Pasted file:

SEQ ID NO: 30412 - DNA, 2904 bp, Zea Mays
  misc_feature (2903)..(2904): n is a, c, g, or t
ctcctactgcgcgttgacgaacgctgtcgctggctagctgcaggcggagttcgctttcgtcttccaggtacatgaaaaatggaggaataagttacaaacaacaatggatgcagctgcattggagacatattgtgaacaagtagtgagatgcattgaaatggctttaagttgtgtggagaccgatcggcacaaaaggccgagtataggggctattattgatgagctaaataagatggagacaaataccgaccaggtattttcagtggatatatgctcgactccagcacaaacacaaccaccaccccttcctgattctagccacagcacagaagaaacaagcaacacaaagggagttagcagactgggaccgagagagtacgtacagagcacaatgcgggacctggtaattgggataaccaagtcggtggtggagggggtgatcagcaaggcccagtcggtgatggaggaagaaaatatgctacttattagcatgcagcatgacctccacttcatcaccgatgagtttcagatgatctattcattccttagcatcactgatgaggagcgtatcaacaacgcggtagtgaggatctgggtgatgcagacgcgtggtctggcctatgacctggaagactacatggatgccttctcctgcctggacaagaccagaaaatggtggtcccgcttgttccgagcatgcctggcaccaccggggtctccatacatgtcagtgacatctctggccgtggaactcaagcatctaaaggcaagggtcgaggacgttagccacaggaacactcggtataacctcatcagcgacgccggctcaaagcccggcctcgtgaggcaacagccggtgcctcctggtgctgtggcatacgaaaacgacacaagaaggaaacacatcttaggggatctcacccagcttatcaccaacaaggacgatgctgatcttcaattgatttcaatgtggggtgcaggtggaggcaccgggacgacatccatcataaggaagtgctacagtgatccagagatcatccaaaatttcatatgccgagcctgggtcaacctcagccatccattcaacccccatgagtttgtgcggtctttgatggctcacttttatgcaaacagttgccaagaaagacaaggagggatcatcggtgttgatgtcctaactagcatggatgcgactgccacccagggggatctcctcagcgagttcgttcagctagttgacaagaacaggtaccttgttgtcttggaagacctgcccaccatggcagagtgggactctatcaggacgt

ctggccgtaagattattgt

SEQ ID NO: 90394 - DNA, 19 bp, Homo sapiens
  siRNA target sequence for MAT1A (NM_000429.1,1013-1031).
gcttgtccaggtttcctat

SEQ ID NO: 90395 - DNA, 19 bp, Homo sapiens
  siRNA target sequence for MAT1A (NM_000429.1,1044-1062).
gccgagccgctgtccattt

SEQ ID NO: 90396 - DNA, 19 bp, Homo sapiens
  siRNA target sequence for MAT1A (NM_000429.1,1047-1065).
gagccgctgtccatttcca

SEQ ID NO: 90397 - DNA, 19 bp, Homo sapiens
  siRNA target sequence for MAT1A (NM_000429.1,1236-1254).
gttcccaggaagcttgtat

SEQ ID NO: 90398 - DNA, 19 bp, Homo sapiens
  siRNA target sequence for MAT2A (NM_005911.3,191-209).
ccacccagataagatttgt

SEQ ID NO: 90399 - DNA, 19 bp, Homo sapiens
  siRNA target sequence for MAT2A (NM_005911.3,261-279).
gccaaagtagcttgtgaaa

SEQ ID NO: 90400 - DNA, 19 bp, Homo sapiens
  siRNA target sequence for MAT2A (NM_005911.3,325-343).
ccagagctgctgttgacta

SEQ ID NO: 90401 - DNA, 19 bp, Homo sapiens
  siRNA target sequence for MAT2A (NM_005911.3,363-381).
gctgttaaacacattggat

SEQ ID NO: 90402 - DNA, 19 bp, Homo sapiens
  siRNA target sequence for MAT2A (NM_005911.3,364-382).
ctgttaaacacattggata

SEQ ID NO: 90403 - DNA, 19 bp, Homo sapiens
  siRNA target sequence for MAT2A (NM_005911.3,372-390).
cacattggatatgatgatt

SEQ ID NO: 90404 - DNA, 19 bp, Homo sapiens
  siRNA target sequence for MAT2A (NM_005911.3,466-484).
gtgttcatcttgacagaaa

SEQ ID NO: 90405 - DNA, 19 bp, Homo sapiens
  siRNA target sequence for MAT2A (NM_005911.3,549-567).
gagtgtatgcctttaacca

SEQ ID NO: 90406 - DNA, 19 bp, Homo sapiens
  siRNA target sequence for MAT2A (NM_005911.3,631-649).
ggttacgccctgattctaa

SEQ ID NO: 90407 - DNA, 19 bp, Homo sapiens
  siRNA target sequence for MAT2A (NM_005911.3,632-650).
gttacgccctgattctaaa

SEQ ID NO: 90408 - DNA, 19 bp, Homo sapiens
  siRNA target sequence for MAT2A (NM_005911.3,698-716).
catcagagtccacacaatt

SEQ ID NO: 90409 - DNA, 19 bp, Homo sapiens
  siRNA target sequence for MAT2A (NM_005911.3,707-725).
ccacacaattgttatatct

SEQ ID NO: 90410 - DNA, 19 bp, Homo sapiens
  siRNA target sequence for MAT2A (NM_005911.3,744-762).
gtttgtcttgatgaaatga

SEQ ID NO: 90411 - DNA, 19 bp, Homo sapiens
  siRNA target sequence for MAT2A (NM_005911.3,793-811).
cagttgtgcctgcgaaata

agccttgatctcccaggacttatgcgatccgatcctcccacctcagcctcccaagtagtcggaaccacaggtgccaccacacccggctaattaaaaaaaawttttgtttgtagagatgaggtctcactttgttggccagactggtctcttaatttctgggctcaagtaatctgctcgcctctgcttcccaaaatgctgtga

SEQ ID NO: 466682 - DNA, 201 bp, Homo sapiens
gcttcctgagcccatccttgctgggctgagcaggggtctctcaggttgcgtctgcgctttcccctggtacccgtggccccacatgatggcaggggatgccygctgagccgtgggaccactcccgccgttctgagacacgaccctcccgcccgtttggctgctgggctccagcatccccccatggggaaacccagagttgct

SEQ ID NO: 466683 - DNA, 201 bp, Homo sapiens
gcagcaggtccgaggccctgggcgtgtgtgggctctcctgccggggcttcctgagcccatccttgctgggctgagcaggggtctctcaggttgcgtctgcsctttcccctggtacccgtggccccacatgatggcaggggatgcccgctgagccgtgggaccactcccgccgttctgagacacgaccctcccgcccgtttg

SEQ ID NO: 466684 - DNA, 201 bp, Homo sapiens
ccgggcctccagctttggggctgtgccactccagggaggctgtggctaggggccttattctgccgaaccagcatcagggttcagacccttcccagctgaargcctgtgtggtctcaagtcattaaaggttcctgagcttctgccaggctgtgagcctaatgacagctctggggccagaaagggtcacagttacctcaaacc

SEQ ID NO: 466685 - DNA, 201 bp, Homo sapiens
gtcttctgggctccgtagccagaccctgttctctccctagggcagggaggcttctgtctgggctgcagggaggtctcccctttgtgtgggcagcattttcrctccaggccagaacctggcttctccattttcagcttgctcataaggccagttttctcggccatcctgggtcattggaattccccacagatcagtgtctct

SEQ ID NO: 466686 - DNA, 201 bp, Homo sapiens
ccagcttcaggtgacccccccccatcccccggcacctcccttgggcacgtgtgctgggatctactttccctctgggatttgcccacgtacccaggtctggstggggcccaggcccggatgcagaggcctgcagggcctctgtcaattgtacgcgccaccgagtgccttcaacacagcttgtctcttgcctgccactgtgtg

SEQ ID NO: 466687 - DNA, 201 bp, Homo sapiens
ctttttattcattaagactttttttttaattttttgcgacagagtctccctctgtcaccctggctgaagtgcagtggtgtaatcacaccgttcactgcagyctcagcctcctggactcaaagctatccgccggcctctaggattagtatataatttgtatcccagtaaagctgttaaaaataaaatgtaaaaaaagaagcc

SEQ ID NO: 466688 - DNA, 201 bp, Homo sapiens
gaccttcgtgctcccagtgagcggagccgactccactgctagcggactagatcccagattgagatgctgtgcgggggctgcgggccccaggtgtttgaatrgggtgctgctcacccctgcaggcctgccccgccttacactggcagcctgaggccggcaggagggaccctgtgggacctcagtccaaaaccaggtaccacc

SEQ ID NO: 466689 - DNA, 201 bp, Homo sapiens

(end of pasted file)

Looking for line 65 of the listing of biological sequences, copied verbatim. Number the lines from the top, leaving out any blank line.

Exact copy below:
ccgggcctccagctttggggctgtgccactccagggaggctgtggctaggggccttattctgccgaaccagcatcagggttcagacccttcccagctgaargcctgtgtggtctcaagtcattaaaggttcctgagcttctgccaggctgtgagcctaatgacagctctggggccagaaagggtcacagttacctcaaacc